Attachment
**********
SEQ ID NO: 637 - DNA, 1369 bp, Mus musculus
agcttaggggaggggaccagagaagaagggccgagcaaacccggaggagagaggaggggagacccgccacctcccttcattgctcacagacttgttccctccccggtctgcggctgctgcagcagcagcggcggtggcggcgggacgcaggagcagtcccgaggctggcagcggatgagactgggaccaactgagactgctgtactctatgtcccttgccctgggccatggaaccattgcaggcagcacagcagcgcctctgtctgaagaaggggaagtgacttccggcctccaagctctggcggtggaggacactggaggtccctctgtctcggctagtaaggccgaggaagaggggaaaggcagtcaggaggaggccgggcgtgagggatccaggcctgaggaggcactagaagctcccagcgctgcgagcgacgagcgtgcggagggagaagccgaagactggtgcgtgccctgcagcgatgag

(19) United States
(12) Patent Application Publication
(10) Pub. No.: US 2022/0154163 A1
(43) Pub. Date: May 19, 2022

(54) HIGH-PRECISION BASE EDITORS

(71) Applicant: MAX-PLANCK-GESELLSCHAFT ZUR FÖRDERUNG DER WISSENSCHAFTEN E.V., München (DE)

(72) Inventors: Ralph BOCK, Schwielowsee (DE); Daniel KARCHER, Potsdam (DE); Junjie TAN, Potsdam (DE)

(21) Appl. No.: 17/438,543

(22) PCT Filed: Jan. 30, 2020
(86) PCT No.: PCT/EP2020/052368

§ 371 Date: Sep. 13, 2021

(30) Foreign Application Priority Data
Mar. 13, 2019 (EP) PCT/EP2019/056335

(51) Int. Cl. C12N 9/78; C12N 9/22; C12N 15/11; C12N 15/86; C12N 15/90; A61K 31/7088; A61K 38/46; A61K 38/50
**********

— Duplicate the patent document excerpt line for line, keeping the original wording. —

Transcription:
SEQ ID NO: 637 - DNA, 1369 bp, Mus musculus
agcttaggggaggggaccagagaagaagggccgagcaaacccggaggagagaggaggggagacccgccacctcccttcattgctcacagacttgttccctccccggtctgcggctgctgcagcagcagcggcggtggcggcgggacgcaggagcagtcccgaggctggcagcggatgagactgggaccaactgagactgctgtactctatgtcccttgccctgggccatggaaccattgcaggcagcacagcagcgcctctgtctgaagaaggggaagtgacttccggcctccaagctctggcggtggaggacactggaggtccctctgtctcggctagtaaggccgaggaagaggggaaaggcagtcaggaggaggccgggcgtgagggatccaggcctgaggaggcactagaagctcccagcgctgcgagcgacgagcgtgcggagggagaagccgaagactggtgcgtgccctgcagcgatgag

(19) United States
(12) Patent Application Publication
(10) Pub. No.: US 2022/0154163 A1
(43) Pub. Date: May 19, 2022

(54) HIGH-PRECISION BASE EDITORS

(71) Applicant: MAX-PLANCK-GESELLSCHAFT ZUR FÖRDERUNG DER WISSENSCHAFTEN E.V., München (DE)

(72) Inventors: Ralph BOCK, Schwielowsee (DE); Daniel KARCHER, Potsdam (DE); Junjie TAN, Potsdam (DE)

(21) Appl. No.: 17/438,543

(22) PCT Filed: Jan. 30, 2020
(86) PCT No.: PCT/EP2020/052368

§ 371 Date: Sep. 13, 2021

(30) Foreign Application Priority Data
Mar. 13, 2019 (EP) PCT/EP2019/056335

(51) Int. Cl. C12N 9/78; C12N 9/22; C12N 15/11; C12N 15/86; C12N 15/90; A61K 31/7088; A61K 38/46; A61K 38/50